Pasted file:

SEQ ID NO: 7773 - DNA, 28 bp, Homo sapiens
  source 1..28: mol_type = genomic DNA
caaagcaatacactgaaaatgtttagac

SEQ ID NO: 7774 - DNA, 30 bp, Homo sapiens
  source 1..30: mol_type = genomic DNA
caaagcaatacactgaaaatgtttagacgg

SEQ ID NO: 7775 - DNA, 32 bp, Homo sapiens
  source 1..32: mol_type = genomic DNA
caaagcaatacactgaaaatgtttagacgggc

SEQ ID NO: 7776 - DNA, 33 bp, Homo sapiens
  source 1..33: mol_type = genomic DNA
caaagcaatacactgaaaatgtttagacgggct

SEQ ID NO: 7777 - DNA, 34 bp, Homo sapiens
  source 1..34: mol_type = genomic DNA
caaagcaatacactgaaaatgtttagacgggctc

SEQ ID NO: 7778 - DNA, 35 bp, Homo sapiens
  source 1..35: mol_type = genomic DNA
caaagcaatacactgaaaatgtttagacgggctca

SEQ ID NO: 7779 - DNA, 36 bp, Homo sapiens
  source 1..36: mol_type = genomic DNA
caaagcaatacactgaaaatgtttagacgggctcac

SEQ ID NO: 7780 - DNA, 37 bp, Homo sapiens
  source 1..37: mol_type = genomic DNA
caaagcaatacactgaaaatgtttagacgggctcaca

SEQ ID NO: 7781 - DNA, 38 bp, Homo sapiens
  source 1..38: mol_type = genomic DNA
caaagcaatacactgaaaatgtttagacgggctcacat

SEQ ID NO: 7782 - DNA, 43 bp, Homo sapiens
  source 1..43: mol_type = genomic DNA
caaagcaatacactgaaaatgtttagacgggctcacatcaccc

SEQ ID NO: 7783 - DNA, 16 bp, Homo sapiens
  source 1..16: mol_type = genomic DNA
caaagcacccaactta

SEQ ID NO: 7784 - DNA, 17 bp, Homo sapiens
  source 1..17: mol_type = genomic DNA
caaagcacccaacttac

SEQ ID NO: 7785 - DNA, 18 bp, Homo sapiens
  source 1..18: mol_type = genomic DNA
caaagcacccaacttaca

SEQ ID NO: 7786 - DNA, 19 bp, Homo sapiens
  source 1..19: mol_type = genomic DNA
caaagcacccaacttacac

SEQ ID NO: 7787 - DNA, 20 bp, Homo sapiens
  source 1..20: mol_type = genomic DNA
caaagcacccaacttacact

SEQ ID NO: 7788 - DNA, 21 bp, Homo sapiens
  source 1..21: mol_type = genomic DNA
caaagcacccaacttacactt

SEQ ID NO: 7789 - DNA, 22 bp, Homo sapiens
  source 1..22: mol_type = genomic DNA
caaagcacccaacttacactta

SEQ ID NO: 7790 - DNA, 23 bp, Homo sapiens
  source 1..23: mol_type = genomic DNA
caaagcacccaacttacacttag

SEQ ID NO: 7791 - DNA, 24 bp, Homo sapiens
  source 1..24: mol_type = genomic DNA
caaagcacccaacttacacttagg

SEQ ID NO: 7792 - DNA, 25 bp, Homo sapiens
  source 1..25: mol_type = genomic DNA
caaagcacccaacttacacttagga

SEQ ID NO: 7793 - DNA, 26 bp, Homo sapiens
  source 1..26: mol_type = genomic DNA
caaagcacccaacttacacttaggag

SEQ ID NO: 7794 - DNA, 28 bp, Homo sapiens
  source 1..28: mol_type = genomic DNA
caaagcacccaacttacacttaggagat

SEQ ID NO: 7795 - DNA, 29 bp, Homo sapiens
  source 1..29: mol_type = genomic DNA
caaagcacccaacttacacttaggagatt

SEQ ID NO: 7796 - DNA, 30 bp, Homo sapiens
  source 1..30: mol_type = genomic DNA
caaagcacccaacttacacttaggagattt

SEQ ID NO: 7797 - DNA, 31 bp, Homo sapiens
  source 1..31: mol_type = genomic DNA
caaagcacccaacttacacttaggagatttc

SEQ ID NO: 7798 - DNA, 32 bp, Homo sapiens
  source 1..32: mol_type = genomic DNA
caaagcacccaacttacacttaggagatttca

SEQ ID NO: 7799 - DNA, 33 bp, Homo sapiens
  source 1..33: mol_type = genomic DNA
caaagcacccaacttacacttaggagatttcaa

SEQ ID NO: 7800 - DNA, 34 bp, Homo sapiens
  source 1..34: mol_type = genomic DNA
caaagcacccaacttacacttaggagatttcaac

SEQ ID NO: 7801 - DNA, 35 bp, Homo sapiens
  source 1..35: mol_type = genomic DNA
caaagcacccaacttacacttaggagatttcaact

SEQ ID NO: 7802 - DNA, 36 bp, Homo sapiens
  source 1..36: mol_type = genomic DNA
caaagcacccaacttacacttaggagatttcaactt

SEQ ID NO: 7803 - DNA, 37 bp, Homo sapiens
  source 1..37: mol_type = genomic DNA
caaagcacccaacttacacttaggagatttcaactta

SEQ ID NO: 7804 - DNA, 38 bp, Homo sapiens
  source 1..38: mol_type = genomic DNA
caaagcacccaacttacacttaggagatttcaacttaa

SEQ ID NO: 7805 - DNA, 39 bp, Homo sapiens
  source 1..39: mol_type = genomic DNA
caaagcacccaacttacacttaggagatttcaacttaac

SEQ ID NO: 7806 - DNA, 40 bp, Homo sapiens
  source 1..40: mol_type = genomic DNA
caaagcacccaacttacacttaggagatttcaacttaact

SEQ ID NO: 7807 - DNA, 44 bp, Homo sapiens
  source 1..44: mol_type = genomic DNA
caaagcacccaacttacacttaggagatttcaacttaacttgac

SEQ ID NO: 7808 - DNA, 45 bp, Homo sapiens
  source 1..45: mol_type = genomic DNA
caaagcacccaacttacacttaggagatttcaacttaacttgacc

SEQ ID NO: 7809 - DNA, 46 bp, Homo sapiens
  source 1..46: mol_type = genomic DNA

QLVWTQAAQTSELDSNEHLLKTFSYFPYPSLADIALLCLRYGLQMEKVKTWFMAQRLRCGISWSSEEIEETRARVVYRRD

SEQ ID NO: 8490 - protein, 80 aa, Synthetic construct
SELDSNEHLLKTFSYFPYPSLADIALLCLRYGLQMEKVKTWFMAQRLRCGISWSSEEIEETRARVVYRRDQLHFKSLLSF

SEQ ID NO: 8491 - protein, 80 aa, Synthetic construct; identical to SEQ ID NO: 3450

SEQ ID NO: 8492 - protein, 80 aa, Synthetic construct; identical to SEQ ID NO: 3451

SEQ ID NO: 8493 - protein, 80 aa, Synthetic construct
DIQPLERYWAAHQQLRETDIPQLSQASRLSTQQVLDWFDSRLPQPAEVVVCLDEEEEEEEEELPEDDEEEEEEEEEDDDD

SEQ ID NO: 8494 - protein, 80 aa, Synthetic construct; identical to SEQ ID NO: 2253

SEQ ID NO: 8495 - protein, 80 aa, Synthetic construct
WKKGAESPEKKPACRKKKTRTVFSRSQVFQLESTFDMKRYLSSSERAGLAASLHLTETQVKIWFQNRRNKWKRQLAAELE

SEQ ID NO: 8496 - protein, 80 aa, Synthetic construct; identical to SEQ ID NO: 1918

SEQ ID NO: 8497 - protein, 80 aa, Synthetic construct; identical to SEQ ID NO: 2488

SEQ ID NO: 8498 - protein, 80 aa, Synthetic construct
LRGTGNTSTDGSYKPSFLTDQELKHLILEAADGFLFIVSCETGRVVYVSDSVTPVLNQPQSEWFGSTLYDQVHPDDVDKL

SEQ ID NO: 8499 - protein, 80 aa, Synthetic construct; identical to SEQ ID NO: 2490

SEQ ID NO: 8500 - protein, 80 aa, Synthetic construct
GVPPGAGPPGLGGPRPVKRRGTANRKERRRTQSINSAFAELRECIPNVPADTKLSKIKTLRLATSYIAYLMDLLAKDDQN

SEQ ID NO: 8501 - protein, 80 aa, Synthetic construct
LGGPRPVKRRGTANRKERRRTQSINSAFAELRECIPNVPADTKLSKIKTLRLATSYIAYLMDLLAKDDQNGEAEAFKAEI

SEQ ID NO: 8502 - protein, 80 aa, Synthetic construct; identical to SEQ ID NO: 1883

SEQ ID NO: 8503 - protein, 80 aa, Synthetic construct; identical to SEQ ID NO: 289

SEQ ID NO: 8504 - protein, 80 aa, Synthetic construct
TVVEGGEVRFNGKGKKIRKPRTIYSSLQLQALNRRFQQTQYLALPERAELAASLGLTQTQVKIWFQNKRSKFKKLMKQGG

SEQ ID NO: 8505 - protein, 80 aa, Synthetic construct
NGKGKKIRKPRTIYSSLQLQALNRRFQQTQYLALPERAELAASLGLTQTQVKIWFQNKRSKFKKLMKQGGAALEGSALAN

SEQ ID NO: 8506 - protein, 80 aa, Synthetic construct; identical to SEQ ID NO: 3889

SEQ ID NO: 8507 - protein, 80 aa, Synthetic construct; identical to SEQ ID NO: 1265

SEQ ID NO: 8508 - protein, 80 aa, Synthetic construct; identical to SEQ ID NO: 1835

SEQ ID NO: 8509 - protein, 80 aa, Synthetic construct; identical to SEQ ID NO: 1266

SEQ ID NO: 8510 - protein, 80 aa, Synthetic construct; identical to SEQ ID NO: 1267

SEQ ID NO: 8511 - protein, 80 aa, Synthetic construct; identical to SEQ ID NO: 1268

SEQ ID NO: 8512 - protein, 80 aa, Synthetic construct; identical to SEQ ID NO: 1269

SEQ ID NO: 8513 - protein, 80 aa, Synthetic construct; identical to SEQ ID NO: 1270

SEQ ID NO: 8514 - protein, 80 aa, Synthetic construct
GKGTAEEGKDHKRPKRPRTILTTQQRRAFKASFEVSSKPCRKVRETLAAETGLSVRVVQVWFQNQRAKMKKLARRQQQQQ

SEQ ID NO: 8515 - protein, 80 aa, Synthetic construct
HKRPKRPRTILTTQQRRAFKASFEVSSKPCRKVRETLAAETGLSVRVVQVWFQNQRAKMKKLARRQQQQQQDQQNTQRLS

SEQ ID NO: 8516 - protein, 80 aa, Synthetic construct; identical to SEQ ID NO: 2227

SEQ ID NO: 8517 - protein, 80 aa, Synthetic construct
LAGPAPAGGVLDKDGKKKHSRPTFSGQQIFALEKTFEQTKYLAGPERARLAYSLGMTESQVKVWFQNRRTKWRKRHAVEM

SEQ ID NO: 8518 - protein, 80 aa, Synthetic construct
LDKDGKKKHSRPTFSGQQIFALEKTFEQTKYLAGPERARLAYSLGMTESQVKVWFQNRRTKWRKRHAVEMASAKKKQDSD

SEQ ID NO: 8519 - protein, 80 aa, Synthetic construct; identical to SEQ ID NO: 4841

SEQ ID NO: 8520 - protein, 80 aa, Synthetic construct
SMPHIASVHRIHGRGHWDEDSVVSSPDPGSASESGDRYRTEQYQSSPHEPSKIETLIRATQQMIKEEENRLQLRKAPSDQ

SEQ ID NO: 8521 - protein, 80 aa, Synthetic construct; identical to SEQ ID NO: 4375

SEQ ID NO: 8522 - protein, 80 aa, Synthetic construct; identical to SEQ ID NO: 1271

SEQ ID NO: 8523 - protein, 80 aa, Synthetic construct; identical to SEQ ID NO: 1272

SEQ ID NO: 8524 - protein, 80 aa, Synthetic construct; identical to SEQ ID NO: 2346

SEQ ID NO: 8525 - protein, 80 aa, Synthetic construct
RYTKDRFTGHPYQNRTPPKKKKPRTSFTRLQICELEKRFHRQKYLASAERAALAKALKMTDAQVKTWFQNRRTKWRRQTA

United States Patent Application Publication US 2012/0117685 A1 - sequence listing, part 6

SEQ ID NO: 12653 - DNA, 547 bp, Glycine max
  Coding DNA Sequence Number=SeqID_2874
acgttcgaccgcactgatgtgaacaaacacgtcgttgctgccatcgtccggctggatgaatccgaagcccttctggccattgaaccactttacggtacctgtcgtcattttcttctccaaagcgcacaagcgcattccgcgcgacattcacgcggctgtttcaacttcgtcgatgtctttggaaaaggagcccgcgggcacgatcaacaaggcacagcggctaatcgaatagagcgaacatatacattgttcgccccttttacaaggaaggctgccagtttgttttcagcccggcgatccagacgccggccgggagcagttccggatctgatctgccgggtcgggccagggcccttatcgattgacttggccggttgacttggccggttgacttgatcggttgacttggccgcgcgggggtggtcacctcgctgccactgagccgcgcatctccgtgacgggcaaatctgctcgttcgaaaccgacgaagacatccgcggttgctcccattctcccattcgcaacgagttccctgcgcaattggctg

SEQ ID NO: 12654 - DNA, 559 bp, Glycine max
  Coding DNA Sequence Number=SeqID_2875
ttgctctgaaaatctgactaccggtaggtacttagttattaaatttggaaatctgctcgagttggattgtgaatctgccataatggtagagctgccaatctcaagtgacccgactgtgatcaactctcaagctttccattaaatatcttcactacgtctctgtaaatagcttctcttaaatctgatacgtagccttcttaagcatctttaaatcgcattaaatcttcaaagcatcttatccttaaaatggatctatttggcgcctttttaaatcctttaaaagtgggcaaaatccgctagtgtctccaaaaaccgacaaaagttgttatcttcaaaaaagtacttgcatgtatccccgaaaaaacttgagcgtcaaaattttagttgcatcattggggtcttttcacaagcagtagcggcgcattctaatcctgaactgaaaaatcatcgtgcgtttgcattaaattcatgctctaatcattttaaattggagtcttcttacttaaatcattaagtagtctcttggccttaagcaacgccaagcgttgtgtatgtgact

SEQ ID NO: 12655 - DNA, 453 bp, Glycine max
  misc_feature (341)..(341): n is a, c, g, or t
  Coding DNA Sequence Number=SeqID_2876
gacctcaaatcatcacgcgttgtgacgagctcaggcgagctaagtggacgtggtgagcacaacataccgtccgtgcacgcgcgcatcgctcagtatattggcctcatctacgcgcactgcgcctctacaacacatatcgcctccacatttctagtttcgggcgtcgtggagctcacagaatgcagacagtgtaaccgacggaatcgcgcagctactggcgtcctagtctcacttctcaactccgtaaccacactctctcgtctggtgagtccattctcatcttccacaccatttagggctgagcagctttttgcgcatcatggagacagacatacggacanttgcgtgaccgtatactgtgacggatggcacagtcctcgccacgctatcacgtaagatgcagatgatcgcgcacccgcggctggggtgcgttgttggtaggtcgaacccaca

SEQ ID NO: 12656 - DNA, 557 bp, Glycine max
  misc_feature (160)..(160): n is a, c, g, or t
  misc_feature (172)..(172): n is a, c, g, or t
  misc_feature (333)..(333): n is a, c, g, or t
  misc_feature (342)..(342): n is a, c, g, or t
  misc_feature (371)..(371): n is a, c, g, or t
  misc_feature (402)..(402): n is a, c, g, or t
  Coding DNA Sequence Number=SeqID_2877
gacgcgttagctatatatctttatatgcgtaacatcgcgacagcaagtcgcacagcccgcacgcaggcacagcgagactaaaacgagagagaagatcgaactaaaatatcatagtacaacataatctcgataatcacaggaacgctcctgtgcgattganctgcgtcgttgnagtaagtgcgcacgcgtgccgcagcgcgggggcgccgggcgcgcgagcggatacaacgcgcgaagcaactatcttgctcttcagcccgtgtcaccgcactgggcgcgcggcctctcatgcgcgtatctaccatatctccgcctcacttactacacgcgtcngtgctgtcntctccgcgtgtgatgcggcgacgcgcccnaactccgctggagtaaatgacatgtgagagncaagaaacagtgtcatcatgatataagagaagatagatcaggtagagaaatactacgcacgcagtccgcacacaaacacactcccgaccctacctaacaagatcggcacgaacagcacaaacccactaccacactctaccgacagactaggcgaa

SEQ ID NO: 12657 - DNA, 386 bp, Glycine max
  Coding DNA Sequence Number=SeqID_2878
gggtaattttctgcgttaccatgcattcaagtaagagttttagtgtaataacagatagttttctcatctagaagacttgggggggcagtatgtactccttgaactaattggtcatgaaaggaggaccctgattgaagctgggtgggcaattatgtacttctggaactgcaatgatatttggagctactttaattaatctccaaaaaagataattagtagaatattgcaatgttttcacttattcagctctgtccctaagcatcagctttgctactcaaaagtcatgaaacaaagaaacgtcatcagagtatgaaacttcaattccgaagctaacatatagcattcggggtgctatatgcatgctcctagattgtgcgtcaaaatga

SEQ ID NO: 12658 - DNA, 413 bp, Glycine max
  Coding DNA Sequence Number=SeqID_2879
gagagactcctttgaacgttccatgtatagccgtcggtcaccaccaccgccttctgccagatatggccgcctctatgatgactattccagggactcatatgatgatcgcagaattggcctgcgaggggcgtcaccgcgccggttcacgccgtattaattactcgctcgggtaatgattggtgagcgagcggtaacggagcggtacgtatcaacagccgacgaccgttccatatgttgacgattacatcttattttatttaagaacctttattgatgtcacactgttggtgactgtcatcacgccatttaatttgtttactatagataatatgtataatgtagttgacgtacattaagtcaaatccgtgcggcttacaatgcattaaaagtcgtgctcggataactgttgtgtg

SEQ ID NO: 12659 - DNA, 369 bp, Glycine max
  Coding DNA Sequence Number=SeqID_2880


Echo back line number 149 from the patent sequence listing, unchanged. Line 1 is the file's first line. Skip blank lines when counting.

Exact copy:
SEQ ID NO: 8517 - protein, 80 aa, Synthetic construct